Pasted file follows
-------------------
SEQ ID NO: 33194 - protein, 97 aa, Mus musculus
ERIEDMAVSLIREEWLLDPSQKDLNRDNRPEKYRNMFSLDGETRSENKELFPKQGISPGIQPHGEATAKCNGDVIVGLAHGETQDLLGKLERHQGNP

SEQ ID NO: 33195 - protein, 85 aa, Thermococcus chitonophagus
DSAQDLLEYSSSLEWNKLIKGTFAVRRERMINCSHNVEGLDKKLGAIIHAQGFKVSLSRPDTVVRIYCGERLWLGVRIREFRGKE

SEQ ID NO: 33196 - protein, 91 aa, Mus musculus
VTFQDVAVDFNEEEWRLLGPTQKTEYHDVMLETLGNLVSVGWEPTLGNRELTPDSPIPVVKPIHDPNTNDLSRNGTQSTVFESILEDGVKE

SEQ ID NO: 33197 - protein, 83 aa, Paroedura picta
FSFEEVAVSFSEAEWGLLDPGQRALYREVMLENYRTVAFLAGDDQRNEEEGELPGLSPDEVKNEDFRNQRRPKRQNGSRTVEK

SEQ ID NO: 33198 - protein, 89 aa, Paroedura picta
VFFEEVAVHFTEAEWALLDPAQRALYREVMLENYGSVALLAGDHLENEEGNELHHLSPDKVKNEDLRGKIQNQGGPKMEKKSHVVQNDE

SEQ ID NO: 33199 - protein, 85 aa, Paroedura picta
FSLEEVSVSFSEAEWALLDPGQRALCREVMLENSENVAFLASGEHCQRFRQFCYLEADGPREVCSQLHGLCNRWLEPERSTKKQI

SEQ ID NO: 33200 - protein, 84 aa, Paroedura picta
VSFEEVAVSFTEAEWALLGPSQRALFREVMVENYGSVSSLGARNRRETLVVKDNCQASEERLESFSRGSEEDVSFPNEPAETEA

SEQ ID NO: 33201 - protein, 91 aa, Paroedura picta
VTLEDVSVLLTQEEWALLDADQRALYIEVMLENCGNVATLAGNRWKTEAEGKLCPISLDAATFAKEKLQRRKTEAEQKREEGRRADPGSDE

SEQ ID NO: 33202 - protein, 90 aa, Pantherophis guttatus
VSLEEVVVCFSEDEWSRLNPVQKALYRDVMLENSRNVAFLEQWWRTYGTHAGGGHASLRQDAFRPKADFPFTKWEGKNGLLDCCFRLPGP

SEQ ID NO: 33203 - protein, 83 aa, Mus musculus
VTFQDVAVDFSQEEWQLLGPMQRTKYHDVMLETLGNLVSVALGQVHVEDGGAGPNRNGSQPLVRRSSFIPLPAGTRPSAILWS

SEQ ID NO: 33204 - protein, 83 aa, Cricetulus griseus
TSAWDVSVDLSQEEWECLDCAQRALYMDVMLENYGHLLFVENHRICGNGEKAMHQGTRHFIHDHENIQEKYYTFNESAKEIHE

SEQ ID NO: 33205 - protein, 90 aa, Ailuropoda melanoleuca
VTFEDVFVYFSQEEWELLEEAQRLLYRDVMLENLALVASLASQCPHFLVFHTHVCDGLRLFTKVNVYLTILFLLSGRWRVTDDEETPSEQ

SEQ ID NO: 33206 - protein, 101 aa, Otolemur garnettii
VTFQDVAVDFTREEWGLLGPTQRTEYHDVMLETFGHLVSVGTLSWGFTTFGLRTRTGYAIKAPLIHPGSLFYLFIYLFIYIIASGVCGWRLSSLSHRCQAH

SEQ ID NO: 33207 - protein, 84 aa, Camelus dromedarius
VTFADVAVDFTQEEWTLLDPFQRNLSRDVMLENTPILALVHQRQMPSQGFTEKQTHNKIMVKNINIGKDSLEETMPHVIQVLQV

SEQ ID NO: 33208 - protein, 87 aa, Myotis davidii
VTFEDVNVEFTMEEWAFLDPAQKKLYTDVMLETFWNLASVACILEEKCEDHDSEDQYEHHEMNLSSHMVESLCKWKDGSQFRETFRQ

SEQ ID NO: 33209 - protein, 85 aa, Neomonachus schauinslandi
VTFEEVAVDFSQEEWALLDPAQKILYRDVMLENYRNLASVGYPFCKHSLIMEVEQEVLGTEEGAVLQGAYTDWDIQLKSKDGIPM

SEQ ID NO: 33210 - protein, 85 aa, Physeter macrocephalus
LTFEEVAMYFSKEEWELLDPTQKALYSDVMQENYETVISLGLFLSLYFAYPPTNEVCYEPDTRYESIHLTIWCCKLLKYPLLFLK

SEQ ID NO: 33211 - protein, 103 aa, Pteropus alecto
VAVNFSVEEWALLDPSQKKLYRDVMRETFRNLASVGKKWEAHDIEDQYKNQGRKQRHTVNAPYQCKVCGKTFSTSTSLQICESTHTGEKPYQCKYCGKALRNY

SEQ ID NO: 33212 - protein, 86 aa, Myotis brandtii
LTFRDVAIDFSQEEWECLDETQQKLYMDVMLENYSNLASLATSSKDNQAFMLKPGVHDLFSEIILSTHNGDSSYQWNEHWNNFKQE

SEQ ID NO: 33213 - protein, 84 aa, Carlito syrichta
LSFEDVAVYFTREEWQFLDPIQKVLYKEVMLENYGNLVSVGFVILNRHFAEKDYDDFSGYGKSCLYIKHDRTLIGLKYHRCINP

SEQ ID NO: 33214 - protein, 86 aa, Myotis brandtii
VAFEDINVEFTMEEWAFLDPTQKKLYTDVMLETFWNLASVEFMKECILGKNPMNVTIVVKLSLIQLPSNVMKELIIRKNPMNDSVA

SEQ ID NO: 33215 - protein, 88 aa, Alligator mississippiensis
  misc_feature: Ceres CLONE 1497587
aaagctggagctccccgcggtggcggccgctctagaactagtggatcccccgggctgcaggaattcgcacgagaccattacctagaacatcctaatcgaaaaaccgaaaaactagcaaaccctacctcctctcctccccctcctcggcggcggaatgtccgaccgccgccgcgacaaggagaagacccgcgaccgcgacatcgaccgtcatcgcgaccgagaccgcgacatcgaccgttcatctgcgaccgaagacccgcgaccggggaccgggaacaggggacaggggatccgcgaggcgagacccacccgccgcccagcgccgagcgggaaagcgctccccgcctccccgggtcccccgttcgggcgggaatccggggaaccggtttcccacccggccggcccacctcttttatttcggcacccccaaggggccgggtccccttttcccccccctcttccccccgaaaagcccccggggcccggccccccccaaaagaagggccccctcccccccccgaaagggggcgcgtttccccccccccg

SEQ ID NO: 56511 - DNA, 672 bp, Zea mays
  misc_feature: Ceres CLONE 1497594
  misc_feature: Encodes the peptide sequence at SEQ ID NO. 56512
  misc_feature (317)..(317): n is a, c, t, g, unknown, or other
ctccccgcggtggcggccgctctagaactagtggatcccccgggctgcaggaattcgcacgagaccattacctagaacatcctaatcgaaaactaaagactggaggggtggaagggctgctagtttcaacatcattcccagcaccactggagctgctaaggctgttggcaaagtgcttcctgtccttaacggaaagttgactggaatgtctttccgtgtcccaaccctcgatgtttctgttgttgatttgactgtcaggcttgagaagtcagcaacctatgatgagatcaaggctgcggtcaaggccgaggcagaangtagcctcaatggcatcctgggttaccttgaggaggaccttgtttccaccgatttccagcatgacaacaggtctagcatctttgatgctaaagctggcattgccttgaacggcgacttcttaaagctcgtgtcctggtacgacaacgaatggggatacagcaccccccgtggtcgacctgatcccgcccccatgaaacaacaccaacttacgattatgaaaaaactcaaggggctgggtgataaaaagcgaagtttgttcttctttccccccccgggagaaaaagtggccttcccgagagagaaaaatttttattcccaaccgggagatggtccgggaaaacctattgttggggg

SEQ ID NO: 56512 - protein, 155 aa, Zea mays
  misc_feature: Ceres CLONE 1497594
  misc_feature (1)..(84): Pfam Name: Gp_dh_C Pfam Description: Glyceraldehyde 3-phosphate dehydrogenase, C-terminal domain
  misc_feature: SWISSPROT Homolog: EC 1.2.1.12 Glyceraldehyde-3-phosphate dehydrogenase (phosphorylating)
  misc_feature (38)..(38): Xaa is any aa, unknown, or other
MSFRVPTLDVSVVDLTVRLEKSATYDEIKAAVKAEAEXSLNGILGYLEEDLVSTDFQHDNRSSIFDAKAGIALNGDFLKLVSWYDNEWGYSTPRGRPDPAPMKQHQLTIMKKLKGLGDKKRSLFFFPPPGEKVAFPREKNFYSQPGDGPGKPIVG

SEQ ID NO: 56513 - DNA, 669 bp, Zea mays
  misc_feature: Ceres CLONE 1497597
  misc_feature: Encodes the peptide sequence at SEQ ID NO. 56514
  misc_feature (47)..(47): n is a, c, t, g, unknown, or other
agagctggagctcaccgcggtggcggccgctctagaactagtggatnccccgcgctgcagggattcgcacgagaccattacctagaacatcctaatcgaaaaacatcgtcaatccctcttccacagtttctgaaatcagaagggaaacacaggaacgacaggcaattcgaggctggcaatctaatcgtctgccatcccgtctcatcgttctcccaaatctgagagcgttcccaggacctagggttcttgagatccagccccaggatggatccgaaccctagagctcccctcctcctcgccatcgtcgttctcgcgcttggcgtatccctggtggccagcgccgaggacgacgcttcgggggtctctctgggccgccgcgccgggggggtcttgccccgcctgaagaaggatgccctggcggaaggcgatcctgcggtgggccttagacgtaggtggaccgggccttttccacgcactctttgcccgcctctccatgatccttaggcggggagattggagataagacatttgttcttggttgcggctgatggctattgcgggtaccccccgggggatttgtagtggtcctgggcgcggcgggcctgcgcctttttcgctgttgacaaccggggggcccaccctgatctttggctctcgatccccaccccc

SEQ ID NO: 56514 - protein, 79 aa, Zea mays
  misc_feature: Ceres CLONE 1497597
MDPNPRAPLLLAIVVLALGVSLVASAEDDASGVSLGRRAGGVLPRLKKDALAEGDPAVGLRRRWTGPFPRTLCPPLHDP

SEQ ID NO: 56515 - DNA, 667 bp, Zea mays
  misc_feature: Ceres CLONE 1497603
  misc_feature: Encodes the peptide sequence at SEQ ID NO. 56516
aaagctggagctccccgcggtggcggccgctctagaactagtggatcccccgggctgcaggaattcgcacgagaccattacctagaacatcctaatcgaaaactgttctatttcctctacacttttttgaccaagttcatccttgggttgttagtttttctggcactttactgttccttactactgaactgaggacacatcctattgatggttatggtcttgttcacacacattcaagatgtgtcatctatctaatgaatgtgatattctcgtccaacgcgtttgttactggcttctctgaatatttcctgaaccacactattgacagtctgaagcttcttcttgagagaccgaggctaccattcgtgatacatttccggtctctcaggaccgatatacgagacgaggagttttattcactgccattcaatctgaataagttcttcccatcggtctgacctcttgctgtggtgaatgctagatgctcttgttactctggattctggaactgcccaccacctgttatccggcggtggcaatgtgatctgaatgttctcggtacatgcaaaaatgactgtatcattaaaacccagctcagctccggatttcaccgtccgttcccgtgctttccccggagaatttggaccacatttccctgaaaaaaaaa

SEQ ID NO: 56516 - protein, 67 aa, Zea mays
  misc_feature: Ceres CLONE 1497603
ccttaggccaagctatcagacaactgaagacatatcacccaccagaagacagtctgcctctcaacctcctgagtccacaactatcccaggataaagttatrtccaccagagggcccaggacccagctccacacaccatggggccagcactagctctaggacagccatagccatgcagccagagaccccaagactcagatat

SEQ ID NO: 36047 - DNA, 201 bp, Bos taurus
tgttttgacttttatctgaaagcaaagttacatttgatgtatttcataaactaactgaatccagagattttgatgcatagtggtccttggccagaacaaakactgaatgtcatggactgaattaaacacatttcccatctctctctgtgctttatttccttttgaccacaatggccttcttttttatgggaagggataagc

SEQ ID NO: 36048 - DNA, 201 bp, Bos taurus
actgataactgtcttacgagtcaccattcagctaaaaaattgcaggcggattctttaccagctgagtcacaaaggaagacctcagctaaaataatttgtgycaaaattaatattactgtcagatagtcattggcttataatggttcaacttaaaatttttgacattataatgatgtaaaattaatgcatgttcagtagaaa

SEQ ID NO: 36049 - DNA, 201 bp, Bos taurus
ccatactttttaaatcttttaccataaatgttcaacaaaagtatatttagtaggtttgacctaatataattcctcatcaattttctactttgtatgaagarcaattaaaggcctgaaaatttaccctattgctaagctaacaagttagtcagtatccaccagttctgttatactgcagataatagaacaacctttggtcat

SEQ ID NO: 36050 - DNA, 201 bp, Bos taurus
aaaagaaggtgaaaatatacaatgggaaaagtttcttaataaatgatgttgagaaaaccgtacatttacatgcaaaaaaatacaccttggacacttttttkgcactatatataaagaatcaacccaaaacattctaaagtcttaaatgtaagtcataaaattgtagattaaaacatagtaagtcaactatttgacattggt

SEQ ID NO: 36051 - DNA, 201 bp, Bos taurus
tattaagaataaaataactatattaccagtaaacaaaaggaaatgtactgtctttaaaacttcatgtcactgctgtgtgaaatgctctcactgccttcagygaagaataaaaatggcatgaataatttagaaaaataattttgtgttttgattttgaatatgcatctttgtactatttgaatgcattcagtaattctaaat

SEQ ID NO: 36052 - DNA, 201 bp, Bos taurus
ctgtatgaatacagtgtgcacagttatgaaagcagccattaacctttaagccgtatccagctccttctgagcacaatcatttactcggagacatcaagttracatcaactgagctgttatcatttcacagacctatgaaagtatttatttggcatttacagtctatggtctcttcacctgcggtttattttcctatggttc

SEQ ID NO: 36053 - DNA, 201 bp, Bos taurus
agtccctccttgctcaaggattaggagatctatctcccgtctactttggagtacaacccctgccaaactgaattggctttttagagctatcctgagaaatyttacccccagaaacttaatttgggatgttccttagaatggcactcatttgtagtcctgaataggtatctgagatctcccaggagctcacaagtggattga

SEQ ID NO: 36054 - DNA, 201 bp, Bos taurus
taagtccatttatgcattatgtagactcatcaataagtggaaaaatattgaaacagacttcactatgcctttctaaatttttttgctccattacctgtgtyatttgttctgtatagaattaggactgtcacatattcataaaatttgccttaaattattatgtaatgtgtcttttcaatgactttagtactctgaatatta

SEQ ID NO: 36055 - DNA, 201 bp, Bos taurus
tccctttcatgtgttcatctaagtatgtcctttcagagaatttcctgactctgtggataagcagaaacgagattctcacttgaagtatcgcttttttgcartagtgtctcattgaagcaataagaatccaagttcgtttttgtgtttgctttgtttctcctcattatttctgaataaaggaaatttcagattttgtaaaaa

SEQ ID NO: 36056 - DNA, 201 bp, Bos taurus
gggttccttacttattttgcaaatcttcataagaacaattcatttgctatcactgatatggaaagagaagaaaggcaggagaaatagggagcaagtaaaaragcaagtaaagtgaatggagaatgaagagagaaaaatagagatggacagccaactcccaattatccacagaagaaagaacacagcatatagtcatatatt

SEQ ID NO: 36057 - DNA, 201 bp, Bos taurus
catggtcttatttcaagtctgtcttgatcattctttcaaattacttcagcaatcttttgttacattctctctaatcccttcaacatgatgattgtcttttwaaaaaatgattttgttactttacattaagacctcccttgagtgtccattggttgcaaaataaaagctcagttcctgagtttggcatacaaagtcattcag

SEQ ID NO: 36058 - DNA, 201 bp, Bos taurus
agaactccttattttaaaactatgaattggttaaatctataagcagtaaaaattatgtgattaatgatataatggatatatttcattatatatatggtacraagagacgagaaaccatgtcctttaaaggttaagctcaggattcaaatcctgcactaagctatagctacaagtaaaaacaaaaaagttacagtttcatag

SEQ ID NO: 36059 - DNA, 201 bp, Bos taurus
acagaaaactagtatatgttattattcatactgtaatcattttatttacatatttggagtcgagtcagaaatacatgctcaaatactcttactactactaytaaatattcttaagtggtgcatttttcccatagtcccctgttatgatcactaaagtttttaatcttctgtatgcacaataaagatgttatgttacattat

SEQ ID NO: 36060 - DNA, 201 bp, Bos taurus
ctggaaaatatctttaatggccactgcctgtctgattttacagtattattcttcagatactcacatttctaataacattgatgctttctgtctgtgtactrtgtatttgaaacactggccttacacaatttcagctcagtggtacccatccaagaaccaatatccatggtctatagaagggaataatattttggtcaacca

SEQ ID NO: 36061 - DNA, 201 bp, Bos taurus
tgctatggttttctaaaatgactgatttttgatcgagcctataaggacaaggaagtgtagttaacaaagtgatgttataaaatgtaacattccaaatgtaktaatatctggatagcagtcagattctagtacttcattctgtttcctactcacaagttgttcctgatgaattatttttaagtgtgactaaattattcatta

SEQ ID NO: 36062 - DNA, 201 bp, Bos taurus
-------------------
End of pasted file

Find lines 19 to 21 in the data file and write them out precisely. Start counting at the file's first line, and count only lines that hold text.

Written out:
SEQ ID NO: 33203 - protein, 83 aa, Mus musculus
VTFQDVAVDFSQEEWQLLGPMQRTKYHDVMLETLGNLVSVALGQVHVEDGGAGPNRNGSQPLVRRSSFIPLPAGTRPSAILWS

SEQ ID NO: 33204 - protein, 83 aa, Cricetulus griseus